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CITCO Youth Innovation summer camp ends

HighlightsCITCO Youth Innovation summer camp ends

150 kids from various parts of the city were given certificates for completing CITCO’s Youth Innovation Incubator Summer Camp.

by Charles Gladden

BELIZE CITY, Thurs. Aug. 11, 2022 To conclude the Belize City Council’s Youth Innovation Incubator Summer Program, which was organized by the Belize CITCO, along with its partners from the central government and the private sector, 150 kids from all parts of the city were awarded certificates for completing the month-long activities.

The summer program was aimed at providing participants with an opportunity to educate themselves on subjects such as financial literacy, leadership skills and music, free of cost.

On Wednesday, August 11, members of the local media were present at the House of Culture when the camp’s closing ceremonies took place, during which camp participants were recognized for their involvement.

“Normally, summer programs would just have that sporting component, but we wanted to be a broad-based type of summer, where you not only have the sporting component, but you have the self-development process as well. You have music, [and] swimming, and you have been able to self-development—all of that types of areas we were looking at. And so, when we did this program here, it was to engage over 150 kids in our community throughout those four weeks. But clearly, from the outcome today, we can see we made an impact with our youths,” said Mayor of Belize City, Bernard Wagner.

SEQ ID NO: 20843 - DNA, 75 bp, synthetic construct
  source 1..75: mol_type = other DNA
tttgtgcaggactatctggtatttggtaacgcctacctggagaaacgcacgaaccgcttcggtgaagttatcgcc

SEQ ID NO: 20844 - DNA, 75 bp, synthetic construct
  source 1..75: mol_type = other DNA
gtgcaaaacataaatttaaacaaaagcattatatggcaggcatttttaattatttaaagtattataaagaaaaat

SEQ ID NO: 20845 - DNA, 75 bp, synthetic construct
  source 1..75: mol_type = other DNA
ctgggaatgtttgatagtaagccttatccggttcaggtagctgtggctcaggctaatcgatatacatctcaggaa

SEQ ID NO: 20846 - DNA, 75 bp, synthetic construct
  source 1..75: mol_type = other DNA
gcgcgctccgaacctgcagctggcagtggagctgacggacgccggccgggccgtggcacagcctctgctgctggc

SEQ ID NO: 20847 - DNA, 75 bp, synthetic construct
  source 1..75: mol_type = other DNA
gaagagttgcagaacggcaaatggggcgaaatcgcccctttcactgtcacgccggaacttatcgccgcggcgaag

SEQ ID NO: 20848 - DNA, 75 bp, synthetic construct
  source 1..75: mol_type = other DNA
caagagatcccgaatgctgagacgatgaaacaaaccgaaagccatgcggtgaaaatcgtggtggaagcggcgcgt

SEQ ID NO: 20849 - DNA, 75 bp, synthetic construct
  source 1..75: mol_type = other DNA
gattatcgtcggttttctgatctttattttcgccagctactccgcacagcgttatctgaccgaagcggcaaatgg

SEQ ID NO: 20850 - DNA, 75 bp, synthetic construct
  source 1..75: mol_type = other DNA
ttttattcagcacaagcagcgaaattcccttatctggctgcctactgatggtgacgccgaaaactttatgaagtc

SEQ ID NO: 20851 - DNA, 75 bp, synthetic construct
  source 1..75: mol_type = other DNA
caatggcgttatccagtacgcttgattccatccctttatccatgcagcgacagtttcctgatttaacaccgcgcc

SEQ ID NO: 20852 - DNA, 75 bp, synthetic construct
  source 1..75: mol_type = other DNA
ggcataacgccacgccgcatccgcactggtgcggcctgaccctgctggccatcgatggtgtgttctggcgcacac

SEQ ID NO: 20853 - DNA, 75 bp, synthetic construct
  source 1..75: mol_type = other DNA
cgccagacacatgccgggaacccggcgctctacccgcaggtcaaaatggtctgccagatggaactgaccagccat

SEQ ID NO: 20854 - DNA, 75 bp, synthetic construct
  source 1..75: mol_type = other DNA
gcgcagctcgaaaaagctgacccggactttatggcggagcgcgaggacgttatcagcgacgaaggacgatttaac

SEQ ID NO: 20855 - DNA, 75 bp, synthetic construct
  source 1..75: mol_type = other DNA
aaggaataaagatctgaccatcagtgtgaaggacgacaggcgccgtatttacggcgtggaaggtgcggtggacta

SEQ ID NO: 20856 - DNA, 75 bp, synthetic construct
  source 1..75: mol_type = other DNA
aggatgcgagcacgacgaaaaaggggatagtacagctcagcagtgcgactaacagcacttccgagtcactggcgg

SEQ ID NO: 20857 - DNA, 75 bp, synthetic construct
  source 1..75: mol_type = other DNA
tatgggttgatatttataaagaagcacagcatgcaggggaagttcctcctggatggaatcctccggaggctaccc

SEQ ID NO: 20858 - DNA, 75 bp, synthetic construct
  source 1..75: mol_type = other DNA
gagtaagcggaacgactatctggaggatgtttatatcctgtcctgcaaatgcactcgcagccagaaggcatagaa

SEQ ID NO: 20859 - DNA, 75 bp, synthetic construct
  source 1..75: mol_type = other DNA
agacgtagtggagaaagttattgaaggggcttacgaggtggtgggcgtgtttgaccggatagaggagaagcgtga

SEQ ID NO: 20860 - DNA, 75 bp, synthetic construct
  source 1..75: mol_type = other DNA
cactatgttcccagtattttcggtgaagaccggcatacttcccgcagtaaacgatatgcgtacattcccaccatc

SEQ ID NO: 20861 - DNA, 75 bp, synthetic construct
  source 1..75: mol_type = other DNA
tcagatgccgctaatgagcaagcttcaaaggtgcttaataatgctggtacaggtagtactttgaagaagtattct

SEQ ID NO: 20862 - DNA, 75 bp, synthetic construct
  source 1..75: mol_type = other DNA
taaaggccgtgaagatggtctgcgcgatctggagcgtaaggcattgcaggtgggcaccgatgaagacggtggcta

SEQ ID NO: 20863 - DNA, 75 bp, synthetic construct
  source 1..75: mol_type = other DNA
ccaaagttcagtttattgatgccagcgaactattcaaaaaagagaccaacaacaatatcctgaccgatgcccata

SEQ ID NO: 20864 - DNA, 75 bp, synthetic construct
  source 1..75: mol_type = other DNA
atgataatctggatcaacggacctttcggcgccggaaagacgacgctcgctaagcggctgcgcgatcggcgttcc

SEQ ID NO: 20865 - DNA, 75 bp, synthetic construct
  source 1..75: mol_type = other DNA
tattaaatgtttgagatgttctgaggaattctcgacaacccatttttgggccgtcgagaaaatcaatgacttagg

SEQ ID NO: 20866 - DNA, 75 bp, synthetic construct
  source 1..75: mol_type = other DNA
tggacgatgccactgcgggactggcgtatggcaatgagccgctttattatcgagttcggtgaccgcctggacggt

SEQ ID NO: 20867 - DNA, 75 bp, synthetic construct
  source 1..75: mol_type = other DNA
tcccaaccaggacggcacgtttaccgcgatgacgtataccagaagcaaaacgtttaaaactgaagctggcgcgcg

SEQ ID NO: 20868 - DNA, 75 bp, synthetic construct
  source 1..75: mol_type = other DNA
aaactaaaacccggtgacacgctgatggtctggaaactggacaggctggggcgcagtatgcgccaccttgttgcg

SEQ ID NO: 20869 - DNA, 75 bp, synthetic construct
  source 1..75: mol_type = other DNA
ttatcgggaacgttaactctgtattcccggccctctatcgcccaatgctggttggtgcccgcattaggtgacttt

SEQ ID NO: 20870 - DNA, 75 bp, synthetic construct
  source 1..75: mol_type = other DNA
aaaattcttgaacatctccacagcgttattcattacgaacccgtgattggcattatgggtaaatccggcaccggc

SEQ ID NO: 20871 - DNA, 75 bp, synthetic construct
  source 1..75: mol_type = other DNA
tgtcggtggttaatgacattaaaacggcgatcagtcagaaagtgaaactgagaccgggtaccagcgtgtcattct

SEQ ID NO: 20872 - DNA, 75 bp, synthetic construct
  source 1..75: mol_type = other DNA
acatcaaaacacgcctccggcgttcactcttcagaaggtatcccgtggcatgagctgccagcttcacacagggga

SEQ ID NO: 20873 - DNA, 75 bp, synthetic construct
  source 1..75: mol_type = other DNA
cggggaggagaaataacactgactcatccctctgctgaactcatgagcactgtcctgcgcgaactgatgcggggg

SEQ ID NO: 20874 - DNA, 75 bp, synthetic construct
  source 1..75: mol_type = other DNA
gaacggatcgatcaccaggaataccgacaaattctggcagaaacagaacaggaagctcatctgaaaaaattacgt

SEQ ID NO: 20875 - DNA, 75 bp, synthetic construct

Mayor Wagner highlighted the escalating crime in the city—much of which is being carried out by gang members, and he noted that initiatives such as the Youth Innovation Incubator Summer Camp is a way of preventing young ones from possibly embarking on

such a path.
“We recognized there is this issue with gangs in our communities … [a] huge amount of gangs. We want to be able to assist in this area by attacking it from the early stage. You have to be able to change the mindset of our kids, of our youths, providing avenues, [and] providing social programs. This gang warfare is not good for the city; it is not good for the country.

It is a process where it can only get worse, and so we as leaders in our community have to be able to stop it at the point, engage our kids, engage the kids from the different neighborhoods [and] have them understand that, listen, all of us feel the same pain. All of us feel the same challenges. Why would you growing up, as you turn from a child to a youth, begin to harbor this hate?

That is what is happening in our community. There is this strong hatred in our community, and it [crosses] political lines, it crosses communities; it is rampant in the urban areas. And so we at the municipal level, want to be certain in changing that mindset,” said Mayor Wagner.

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